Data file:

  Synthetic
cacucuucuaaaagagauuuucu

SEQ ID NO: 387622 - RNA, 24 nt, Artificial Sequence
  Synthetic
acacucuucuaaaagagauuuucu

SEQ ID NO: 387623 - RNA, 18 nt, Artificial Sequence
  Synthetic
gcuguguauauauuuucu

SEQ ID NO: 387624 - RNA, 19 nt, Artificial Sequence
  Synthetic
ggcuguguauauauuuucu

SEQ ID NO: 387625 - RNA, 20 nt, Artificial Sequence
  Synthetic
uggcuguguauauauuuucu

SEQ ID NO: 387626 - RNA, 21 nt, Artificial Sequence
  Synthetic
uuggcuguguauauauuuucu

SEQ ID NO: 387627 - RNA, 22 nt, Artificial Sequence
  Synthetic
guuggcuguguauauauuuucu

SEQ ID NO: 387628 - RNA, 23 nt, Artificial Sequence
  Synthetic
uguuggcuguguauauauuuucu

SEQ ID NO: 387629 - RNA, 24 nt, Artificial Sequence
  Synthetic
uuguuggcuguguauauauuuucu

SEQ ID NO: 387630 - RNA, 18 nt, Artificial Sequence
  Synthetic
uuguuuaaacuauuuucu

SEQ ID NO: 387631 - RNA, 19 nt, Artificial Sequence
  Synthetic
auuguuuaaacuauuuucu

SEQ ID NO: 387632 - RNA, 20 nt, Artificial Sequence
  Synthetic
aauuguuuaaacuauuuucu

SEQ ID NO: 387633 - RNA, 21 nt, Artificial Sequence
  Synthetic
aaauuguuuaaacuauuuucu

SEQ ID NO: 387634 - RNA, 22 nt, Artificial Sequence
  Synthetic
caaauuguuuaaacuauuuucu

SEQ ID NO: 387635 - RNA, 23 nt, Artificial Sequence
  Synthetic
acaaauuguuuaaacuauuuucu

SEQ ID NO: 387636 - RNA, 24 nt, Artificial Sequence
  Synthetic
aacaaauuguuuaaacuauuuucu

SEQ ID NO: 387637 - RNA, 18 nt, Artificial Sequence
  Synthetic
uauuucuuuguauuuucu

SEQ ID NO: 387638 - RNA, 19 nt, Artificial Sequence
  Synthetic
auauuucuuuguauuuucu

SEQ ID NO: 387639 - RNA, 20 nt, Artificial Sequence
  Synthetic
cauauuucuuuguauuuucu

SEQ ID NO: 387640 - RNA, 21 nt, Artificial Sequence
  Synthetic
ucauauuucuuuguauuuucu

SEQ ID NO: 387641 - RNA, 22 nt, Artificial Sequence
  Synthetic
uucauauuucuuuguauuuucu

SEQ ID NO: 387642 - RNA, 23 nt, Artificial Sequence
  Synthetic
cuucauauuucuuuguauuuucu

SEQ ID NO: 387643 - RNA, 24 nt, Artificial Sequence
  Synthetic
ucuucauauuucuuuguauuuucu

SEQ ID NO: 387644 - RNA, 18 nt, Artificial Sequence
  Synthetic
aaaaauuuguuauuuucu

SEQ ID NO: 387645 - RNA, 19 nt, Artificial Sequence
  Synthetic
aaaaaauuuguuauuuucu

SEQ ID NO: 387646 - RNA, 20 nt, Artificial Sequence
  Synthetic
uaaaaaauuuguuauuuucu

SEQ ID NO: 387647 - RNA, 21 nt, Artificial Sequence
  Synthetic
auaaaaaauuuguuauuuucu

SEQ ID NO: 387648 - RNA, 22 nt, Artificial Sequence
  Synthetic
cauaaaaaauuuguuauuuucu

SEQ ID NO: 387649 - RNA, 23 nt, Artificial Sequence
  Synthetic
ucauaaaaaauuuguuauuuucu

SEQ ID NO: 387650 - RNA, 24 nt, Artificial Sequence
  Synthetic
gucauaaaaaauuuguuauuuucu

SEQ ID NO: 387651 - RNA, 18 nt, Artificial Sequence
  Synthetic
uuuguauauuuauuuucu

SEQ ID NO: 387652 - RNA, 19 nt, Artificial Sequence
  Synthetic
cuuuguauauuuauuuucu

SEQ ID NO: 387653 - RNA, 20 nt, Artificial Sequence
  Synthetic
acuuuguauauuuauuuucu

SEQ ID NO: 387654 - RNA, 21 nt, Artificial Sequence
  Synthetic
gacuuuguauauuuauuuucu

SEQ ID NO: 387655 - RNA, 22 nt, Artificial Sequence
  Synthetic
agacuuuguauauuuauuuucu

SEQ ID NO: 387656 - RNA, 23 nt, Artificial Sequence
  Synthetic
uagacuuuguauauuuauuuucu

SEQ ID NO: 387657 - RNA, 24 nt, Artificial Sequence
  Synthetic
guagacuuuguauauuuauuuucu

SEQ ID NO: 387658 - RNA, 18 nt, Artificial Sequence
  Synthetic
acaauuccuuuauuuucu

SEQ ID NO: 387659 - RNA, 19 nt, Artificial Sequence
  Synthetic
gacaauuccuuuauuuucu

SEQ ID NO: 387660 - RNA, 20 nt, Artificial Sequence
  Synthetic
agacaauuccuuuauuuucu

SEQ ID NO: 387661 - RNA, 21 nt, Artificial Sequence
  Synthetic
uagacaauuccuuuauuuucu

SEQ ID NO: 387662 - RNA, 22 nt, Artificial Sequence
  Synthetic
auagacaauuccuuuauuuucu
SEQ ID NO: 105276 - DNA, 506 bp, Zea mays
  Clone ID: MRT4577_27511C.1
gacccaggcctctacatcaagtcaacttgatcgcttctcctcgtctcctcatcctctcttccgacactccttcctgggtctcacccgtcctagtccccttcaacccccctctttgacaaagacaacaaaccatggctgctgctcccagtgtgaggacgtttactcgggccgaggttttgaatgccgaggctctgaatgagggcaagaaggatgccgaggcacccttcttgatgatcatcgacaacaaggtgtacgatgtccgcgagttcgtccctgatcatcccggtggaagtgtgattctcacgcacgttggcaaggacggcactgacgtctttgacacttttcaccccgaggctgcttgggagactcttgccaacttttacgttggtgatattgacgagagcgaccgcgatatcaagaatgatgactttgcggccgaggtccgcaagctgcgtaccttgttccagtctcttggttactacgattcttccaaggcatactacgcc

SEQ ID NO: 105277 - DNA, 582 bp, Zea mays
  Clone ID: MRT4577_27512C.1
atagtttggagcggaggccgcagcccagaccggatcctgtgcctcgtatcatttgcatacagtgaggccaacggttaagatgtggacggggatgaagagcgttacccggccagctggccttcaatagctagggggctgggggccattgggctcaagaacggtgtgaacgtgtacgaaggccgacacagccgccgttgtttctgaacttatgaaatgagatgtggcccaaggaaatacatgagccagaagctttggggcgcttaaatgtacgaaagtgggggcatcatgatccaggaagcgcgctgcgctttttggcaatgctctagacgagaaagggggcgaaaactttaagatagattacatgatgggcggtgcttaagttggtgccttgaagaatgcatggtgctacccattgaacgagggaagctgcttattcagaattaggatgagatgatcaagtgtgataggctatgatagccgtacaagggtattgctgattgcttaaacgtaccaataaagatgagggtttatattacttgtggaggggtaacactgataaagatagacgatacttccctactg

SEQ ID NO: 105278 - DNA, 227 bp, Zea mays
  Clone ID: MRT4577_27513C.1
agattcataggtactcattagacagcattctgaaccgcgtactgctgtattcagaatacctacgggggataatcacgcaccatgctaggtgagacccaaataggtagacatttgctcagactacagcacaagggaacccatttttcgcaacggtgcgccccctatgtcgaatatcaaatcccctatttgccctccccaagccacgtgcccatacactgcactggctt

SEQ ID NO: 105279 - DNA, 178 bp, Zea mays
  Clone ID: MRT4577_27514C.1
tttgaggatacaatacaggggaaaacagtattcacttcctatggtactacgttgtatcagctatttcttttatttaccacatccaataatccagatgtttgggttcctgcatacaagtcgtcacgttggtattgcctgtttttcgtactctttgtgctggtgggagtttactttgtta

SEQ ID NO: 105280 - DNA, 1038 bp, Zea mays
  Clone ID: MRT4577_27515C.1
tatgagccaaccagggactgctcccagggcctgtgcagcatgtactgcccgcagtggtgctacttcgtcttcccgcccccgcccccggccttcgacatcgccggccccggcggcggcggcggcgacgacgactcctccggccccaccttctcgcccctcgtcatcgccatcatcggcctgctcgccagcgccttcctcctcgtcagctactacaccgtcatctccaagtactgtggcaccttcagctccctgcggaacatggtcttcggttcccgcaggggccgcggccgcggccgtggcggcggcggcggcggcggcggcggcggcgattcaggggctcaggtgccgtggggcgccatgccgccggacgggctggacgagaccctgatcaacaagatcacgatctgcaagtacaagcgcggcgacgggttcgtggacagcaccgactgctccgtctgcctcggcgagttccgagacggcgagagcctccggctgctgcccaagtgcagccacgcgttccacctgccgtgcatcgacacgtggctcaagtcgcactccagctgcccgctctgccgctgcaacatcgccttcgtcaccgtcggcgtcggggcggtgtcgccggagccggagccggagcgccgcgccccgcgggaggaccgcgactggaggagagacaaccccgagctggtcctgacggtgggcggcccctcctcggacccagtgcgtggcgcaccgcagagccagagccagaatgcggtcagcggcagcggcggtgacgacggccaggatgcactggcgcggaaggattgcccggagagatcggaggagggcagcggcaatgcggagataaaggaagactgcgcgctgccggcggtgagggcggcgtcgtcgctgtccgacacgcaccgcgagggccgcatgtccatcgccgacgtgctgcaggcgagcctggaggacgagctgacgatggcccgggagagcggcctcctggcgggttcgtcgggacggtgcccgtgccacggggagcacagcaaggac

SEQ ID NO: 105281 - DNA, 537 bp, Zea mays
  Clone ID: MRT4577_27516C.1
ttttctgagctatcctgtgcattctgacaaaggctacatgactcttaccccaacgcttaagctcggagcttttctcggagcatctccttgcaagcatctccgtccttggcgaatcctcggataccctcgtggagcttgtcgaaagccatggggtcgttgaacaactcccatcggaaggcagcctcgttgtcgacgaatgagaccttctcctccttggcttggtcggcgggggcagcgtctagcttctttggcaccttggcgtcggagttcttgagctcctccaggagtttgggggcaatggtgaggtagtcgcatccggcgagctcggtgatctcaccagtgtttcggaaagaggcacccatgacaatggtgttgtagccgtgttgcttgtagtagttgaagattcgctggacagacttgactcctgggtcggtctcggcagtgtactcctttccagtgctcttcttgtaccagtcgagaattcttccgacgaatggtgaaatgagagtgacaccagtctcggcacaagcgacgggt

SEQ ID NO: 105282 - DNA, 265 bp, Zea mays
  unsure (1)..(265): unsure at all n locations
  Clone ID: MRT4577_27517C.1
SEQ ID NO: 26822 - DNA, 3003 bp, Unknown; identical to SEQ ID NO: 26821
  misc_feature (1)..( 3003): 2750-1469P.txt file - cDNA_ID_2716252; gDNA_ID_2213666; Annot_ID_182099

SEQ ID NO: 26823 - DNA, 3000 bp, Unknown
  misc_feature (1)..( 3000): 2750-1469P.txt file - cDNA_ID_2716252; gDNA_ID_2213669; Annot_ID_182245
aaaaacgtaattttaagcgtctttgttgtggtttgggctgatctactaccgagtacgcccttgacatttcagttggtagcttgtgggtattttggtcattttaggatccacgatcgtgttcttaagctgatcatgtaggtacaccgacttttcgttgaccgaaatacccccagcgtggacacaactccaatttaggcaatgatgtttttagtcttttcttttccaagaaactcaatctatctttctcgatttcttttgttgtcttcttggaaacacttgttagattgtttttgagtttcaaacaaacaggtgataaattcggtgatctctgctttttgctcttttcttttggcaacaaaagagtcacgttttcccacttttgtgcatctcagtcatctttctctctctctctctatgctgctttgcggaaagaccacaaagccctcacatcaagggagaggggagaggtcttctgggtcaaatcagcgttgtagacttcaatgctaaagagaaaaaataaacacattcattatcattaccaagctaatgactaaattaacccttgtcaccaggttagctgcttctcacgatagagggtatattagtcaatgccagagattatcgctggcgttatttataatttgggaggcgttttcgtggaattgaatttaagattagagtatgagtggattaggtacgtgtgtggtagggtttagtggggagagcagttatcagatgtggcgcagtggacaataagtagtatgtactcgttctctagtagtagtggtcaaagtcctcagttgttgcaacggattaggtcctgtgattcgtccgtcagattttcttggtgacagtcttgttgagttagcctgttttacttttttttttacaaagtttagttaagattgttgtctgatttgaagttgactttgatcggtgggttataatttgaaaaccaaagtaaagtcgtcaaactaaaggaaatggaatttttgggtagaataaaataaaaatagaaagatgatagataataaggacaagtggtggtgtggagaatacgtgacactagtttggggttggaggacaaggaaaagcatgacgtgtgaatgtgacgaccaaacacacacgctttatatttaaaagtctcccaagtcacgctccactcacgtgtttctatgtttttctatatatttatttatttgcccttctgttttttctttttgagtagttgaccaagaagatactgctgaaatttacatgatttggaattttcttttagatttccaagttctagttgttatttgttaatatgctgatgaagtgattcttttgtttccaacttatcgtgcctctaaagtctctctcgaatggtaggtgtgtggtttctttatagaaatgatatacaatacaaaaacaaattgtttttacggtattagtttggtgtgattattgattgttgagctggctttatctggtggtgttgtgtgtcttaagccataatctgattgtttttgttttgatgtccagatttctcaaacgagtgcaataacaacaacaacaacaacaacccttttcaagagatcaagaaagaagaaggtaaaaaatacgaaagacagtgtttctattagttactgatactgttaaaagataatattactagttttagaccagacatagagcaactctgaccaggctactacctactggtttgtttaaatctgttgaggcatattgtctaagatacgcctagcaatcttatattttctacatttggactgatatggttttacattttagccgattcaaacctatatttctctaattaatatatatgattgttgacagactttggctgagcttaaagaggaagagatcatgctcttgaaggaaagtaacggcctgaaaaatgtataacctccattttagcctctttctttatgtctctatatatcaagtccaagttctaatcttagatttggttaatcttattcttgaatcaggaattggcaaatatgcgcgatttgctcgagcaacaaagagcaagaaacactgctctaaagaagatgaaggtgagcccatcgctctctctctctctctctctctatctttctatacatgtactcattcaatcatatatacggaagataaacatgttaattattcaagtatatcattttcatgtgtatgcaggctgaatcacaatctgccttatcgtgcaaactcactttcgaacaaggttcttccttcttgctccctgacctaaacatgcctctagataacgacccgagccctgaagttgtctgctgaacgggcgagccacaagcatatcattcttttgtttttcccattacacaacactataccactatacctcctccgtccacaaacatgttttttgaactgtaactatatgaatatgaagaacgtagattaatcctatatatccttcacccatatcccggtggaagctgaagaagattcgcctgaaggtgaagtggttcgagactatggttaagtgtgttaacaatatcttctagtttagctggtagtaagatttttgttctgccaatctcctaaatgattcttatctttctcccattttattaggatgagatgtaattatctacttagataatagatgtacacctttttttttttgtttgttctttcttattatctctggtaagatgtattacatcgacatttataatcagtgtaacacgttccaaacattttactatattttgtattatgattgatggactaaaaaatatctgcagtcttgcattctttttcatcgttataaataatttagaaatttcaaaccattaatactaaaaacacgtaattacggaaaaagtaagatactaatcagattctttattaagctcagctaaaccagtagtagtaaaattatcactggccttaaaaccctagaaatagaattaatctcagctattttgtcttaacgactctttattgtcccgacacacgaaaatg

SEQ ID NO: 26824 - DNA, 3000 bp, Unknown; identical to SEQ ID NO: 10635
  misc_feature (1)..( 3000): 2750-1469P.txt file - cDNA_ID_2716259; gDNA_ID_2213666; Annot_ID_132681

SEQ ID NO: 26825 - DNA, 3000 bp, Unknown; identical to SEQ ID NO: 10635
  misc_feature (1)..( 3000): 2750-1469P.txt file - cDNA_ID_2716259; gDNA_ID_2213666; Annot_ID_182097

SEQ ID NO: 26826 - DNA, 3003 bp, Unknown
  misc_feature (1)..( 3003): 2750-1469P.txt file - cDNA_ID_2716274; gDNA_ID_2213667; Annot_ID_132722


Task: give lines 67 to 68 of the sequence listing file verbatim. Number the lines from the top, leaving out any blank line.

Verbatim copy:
  Synthetic
ucuucauauuucuuuguauuuucu